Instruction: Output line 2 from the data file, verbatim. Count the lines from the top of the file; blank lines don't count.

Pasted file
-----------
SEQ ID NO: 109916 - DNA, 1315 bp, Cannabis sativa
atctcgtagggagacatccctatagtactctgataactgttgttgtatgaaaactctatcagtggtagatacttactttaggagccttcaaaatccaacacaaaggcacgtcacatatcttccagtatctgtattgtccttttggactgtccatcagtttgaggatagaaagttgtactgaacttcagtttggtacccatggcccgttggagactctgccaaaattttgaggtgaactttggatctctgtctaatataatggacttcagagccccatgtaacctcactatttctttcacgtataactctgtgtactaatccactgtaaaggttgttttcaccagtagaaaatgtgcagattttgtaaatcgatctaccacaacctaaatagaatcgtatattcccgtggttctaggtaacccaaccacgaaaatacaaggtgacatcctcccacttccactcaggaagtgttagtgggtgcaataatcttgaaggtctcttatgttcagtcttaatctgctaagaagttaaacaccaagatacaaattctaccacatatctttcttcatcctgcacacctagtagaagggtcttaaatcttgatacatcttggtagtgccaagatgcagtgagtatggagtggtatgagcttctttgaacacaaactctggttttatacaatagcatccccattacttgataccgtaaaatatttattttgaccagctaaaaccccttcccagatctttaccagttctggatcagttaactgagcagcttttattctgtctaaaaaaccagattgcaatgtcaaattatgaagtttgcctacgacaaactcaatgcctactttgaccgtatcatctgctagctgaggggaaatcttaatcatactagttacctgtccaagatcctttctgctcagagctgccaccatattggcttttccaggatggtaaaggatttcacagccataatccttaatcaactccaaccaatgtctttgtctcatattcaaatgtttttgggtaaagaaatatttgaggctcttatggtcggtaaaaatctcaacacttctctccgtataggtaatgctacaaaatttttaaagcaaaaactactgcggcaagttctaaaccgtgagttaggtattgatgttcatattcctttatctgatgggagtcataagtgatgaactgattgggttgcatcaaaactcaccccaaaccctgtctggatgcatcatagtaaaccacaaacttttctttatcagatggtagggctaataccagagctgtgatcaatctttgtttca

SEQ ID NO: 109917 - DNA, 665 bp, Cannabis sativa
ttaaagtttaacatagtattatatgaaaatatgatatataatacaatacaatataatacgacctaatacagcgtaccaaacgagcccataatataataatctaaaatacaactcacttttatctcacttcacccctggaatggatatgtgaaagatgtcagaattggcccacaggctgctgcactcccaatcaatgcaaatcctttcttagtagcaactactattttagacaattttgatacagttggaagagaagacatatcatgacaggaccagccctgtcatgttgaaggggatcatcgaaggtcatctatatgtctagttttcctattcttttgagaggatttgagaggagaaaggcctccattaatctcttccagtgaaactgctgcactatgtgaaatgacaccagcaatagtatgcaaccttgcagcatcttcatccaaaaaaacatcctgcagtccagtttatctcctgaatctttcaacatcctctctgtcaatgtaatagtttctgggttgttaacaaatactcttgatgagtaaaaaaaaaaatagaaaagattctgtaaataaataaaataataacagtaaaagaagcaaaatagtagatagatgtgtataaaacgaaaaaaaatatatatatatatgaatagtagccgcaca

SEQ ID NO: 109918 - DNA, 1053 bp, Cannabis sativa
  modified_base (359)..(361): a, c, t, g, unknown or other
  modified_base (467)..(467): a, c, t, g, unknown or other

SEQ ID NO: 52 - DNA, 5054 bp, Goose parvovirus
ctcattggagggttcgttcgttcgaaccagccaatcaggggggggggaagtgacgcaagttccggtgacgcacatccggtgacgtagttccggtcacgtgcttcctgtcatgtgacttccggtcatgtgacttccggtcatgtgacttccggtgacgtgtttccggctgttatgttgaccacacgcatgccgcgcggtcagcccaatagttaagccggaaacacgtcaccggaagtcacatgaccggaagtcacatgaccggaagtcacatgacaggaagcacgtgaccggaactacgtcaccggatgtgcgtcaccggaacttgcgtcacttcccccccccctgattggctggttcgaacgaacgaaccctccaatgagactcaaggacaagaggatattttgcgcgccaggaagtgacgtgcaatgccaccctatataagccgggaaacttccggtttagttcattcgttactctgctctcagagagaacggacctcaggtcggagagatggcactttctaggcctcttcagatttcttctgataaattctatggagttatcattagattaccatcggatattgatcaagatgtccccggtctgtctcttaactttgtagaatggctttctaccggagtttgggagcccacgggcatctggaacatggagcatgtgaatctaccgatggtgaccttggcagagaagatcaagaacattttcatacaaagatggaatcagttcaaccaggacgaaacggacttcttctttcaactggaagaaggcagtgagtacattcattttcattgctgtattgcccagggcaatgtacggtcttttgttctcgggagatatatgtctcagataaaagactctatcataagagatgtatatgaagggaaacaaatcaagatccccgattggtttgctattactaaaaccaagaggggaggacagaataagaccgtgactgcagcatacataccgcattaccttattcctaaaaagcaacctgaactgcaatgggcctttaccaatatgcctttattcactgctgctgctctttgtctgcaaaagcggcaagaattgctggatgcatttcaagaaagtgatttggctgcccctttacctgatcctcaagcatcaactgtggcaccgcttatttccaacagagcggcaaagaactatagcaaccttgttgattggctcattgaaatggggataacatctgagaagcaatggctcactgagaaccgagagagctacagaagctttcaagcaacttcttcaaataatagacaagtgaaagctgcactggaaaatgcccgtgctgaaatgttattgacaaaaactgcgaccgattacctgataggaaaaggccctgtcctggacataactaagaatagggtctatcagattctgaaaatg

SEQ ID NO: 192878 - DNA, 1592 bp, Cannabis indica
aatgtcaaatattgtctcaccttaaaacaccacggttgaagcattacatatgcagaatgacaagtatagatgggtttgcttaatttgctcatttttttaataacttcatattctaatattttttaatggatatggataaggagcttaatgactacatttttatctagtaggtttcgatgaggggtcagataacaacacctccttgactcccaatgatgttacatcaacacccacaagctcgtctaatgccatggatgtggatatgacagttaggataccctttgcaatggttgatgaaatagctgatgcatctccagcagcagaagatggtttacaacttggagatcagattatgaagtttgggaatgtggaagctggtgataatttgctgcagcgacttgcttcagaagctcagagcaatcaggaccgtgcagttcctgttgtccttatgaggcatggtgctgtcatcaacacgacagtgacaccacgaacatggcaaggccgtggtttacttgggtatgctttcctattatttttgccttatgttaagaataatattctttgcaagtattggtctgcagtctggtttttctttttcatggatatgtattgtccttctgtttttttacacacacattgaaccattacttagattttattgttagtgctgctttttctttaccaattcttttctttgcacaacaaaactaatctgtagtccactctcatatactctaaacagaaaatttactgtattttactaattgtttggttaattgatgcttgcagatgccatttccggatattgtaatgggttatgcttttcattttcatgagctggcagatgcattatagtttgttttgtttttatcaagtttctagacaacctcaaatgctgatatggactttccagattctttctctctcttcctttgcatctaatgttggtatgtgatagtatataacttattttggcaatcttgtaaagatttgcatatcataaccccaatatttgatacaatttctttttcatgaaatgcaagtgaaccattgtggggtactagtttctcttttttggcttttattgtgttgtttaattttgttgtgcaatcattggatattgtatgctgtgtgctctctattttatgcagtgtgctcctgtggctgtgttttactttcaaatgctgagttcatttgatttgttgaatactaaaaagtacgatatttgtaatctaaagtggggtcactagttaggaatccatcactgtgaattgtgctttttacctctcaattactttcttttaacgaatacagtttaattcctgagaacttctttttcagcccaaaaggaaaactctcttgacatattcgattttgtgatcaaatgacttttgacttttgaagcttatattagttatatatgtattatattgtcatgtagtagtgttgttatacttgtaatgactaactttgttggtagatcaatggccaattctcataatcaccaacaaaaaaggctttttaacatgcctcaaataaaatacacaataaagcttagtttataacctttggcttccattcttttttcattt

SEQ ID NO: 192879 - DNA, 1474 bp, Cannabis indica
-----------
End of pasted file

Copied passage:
atctcgtagggagacatccctatagtactctgataactgttgttgtatgaaaactctatcagtggtagatacttactttaggagccttcaaaatccaacacaaaggcacgtcacatatcttccagtatctgtattgtccttttggactgtccatcagtttgaggatagaaagttgtactgaacttcagtttggtacccatggcccgttggagactctgccaaaattttgaggtgaactttggatctctgtctaatataatggacttcagagccccatgtaacctcactatttctttcacgtataactctgtgtactaatccactgtaaaggttgttttcaccagtagaaaatgtgcagattttgtaaatcgatctaccacaacctaaatagaatcgtatattcccgtggttctaggtaacccaaccacgaaaatacaaggtgacatcctcccacttccactcaggaagtgttagtgggtgcaataatcttgaaggtctcttatgttcagtcttaatctgctaagaagttaaacaccaagatacaaattctaccacatatctttcttcatcctgcacacctagtagaagggtcttaaatcttgatacatcttggtagtgccaagatgcagtgagtatggagtggtatgagcttctttgaacacaaactctggttttatacaatagcatccccattacttgataccgtaaaatatttattttgaccagctaaaaccccttcccagatctttaccagttctggatcagttaactgagcagcttttattctgtctaaaaaaccagattgcaatgtcaaattatgaagtttgcctacgacaaactcaatgcctactttgaccgtatcatctgctagctgaggggaaatcttaatcatactagttacctgtccaagatcctttctgctcagagctgccaccatattggcttttccaggatggtaaaggatttcacagccataatccttaatcaactccaaccaatgtctttgtctcatattcaaatgtttttgggtaaagaaatatttgaggctcttatggtcggtaaaaatctcaacacttctctccgtataggtaatgctacaaaatttttaaagcaaaaactactgcggcaagttctaaaccgtgagttaggtattgatgttcatattcctttatctgatgggagtcataagtgatgaactgattgggttgcatcaaaactcaccccaaaccctgtctggatgcatcatagtaaaccacaaacttttctttatcagatggtagggctaataccagagctgtgatcaatctttgtttca